In order to make the power measurement unit more compact, I am considering following in the footsteps of the open energy monitor project as well as the low-cost single phase power meter design published over at Atmel. The line voltage is a nominal 120VAC.

Below, you can see the circuit that I am considering for the AC voltage measurement. Both line and neutral have drop-down resistor while the measurements are taken off of the 4.7k resistor (i.e. it's floating - 59VAC above and 59VAC below). The two 1k resistors create a DC voltage divider that the 10uF tantalum cap supports. The 22 Ohm resistor, BAV99, and the 100pF capacitor are protections that Grumpy Mike suggested on his site and I hope I implemented them correctly.

For this design I expect the output signal for the Arduino to fluctuate from about 0-2.5VDC (i.e. 0VDC to AREF). I have successfully used this topology before with a AC-AC transformer. Note: the AREF has it's own 2.5V linear voltage regulator that derives its power from an isolated 5VDC switch-mode power supply (VOF-6 from CUI).

Here now my questions: For one, is it a good idea to have the 220k-4.7k-220k resistor network set up this way? The reason I chose this topology is to guard against the possibility of a line/neutral reversal in the wall socket. Having a drop down resistor on either leg feeding the 4.7k resistor that measurements are made on reduces the maximum current to less than 10mA even under peak line voltage conditions and a short to GND on the Arduino side of things.

Atmel goes a slightly different route in their design. They use a series of drop down resistors and tie the AC neutral and AC ground lines together. Their power supply is a drop-cap design that feeds a linear regulator. I could tie the AC GND and AC Neutral together as well, I simply worried about fireworks if the outlet was miswired. This does not seem to be a concern for a power meter... :-D Which design is better?

Also, as designed the 120GND and the board GND are not tied to each other and there doesn't seem to be a need given that a similar design has worked in the past when I used an external AC-AC wall transformer and a external switchmode DC power supply. Is the above sane?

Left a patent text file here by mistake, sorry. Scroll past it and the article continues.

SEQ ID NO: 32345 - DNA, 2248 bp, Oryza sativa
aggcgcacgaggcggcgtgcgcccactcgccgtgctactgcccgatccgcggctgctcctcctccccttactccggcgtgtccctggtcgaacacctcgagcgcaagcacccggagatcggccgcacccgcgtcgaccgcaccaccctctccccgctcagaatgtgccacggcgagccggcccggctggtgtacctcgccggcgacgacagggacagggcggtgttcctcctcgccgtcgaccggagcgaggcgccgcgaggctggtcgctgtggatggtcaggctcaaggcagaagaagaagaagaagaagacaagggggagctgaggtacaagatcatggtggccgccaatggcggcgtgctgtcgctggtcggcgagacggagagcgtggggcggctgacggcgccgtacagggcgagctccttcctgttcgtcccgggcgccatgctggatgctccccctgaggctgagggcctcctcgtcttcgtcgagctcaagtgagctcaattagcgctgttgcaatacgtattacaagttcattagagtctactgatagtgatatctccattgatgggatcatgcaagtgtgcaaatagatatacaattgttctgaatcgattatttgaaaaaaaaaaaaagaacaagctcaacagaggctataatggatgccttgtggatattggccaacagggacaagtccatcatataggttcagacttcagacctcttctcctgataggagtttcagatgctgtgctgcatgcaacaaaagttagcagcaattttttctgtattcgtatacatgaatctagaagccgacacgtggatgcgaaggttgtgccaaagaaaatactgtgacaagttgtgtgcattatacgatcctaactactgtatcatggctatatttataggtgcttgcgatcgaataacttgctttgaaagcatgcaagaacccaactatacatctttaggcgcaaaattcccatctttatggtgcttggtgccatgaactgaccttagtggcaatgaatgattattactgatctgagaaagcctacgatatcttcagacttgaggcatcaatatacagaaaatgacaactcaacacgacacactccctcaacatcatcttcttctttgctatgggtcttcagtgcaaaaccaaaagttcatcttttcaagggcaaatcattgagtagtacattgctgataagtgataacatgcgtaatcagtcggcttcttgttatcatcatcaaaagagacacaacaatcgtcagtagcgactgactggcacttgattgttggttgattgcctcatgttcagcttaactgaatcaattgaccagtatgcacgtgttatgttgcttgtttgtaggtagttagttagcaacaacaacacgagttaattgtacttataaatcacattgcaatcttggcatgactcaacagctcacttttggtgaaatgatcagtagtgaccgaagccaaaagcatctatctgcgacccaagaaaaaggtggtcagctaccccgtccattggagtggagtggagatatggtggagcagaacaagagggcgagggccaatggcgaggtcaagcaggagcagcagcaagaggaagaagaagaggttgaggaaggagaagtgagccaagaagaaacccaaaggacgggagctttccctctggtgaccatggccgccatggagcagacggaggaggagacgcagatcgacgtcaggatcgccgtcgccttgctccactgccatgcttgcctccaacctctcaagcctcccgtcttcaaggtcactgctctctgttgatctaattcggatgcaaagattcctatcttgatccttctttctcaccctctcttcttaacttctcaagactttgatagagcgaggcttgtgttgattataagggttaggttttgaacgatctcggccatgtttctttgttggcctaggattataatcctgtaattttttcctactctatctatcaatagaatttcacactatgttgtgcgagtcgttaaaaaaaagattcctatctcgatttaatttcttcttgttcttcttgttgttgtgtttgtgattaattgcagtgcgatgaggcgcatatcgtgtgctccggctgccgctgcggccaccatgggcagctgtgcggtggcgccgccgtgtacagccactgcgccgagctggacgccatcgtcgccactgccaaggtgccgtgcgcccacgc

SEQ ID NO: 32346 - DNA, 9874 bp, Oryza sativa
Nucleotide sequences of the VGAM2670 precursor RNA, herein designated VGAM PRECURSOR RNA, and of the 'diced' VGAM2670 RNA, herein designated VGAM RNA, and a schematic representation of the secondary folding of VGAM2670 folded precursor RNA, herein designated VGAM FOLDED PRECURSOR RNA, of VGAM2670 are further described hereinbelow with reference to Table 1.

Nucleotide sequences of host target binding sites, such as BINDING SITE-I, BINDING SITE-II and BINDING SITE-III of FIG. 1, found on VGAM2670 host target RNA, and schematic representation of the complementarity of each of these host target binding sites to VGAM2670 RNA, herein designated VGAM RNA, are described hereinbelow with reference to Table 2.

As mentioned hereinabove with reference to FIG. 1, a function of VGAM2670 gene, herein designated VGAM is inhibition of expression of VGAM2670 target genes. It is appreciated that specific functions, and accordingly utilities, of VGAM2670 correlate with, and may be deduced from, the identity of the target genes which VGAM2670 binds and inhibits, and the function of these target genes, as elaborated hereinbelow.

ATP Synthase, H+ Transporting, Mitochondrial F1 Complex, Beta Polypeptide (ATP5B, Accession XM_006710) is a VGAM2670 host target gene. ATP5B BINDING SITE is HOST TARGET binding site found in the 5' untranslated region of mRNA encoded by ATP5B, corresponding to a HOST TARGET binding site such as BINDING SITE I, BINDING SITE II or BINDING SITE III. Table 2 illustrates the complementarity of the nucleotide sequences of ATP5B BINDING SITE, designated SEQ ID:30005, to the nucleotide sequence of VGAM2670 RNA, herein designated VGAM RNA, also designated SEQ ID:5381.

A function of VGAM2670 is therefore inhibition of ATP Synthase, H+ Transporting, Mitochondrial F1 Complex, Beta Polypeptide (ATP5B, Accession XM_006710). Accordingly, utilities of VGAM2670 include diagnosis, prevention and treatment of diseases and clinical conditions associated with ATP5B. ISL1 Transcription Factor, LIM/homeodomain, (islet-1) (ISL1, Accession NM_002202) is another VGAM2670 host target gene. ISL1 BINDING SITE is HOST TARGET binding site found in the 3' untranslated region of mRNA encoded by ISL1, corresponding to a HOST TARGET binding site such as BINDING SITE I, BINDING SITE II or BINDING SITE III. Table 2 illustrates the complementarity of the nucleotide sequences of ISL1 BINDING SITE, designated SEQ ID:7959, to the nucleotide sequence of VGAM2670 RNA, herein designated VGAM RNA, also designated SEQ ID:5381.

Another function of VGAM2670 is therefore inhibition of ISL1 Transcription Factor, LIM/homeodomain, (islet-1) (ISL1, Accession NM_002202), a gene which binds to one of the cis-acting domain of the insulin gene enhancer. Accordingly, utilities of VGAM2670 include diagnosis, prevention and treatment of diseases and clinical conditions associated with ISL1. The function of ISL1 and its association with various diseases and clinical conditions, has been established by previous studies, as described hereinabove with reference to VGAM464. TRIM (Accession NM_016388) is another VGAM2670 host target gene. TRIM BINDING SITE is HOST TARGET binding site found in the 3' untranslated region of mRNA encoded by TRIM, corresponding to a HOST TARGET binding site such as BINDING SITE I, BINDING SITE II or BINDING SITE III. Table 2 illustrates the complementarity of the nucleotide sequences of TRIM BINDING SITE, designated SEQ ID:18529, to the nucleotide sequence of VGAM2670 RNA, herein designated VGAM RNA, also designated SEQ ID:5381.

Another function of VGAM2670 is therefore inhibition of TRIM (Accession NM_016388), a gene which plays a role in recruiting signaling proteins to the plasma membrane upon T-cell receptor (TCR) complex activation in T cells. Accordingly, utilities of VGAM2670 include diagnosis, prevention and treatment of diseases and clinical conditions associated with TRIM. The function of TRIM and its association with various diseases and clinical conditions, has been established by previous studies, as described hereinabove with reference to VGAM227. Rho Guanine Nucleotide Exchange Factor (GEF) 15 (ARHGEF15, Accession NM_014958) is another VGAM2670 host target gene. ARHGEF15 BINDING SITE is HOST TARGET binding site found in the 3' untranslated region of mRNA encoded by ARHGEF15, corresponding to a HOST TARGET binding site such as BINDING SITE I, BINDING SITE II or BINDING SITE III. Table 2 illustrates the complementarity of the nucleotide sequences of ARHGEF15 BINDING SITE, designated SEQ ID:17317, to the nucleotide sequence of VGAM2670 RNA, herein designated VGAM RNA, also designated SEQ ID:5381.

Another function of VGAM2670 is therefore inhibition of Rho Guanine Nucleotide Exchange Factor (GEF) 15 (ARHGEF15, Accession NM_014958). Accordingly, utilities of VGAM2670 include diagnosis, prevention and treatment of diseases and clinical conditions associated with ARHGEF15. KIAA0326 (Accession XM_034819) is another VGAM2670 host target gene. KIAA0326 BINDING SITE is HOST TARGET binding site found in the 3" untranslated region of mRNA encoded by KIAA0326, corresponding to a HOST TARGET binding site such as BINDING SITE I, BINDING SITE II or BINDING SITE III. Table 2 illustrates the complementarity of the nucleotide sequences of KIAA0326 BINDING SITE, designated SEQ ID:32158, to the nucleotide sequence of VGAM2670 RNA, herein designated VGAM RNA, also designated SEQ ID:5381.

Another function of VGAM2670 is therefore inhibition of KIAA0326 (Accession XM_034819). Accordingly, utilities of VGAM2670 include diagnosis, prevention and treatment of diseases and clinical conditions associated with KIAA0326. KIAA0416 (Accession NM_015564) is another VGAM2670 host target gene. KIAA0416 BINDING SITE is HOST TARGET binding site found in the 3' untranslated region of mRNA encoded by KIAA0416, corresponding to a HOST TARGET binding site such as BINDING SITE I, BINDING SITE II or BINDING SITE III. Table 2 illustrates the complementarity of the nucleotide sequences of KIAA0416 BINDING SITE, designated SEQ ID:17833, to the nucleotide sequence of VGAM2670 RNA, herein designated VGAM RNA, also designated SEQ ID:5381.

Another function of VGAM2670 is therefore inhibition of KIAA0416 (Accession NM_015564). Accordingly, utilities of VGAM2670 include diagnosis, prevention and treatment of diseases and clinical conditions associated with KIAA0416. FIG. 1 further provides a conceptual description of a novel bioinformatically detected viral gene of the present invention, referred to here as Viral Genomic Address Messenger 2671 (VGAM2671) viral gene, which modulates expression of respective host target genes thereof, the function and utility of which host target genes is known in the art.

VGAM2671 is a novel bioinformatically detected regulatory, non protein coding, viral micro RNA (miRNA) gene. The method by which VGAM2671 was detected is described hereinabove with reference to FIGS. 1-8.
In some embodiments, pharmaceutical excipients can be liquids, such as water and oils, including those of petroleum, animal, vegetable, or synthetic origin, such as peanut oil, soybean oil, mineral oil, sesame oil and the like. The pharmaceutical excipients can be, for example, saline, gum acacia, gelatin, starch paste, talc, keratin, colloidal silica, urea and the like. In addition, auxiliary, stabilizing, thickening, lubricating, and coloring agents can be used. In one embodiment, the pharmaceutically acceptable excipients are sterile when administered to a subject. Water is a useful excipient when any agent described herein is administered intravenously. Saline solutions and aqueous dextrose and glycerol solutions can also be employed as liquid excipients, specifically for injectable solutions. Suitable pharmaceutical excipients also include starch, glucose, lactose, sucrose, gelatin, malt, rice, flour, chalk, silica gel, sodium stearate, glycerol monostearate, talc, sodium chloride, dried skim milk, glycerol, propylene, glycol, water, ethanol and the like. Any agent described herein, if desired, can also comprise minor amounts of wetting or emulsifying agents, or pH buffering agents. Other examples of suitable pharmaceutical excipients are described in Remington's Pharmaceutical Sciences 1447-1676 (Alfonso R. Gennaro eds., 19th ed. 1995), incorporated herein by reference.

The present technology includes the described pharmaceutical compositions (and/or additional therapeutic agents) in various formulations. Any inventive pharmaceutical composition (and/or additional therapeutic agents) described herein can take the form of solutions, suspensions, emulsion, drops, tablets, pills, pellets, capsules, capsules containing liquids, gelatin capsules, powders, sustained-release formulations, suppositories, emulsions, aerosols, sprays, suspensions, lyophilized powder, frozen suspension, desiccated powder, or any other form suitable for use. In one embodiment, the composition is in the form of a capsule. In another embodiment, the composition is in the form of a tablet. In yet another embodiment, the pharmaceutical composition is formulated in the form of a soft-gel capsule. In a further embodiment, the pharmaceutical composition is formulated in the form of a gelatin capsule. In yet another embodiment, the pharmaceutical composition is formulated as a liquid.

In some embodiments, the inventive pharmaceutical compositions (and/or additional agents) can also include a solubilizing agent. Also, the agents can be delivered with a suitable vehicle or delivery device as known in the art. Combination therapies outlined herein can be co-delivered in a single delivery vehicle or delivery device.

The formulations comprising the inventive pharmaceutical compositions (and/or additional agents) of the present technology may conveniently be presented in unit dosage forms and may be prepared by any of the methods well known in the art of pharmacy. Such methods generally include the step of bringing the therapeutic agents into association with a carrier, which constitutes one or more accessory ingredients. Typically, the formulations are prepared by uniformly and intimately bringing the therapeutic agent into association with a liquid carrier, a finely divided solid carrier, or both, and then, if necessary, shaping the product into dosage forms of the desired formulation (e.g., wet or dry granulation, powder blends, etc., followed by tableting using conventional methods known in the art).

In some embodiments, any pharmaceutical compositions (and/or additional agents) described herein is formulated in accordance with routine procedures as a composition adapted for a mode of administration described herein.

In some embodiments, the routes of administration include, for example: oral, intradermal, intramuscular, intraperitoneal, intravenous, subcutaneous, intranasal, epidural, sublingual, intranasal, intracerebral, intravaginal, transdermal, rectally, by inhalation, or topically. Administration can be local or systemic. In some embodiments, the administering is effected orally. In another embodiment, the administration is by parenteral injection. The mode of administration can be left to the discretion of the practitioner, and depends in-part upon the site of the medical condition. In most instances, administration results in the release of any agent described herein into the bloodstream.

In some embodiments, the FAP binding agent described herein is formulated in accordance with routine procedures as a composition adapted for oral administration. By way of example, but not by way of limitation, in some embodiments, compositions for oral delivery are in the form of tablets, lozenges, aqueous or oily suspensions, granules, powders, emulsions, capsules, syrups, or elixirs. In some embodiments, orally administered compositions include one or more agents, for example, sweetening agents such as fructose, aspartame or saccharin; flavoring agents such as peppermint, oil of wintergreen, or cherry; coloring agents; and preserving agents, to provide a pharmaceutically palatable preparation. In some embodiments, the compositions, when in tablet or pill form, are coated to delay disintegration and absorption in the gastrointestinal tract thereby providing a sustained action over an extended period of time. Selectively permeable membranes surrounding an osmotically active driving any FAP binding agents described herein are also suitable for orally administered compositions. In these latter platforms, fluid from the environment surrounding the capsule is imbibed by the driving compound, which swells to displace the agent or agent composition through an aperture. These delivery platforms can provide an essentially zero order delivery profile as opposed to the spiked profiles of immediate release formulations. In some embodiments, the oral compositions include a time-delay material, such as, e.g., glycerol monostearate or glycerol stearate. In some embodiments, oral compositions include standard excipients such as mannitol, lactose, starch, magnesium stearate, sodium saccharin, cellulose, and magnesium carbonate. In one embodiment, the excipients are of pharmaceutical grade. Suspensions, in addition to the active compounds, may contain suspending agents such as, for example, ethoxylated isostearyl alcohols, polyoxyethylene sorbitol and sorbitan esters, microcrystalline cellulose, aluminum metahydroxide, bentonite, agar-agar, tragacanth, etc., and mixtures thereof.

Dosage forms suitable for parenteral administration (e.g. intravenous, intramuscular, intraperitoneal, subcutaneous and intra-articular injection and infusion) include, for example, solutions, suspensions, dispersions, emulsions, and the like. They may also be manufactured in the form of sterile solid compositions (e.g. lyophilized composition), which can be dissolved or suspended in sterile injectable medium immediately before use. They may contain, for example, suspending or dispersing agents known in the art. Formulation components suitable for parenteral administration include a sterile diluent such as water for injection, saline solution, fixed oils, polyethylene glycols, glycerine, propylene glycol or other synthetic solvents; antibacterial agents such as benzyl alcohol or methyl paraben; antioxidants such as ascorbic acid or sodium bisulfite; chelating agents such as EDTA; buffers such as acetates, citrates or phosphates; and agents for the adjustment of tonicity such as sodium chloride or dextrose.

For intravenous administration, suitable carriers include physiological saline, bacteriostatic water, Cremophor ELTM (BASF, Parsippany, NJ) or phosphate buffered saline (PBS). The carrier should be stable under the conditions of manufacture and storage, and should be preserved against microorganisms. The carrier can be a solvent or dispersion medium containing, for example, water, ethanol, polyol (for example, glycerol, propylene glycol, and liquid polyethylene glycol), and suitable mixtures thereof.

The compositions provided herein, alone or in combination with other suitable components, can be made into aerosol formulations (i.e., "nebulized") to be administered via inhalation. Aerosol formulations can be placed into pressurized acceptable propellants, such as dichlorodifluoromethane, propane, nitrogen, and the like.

642  Using Arduino / Sensors / Re: 360 degree wind direction sensor on: January 11, 2012, 10:02:19 pm
Thanks retrolefty, some digging minutes brought me to - - AMAZING!!
Rob, thanks for sharing that link. What an amazing array of instruments, sensor systems, etc. this gentleman has built.  Some day, I may begin to understand 1/2 of what this gentlemen does in his spare time. Using a laser to characterize the quantity of precipitation is pretty amazing. Distinguishes among the many different types of precipitation is over the top!  Certainly inspiring. Some day when the kids demand less attention perhaps I'll have time...
643  Using Arduino / Sensors / Re: Question regarding trenches around analog inputs on: January 11, 2012, 09:56:11 pm
Hi everyone,

Many thanks for your thoughtful replies. The trenches are gone, now the PCB is 95%+ ground plane on one side (with no non-GND conductor there longer than 0.1" or 2.5mm and a couple of islands thanks to through-hole components like the ISP header).

I didn't have issues with analog measurements in the past either, I simply was wondering if I was following best design practices or not. Given that Atmel is the maker of our chips, I ventured the guess that their advice is worth following... anyhow...

Does "trench" mean a break in the ground plane around a component or certain area, so that the ground plane under the area in question only connects to the larger plane at one point?
Yes! The idea per the theory is that you cannot get induced loops if the signal can only exit at one point in the PCB. Likely more of a consideration with chips operating in the GHz range than our rather more pedestrian Atmels... :-D

And to your other points, all signal lines are 15 mil, power lines are 24 mil thick and up. Thermal management can also be a consideration, i.e. where to put the heat emitting chips like voltage regulators vs. thermal sensors. I try keeping them on opposite ends of the board. Since I hand-assemble the boards, I use no chips smaller than a 0805 because getting those to seat on pads is interesting enough. I am also a big fan of the input protection system that Grumpy Mike posted on his site, i.e. a 22Ohm resistor in series with the signal plus a 100pF cap and a BAV99 protection diode referenced off AREF.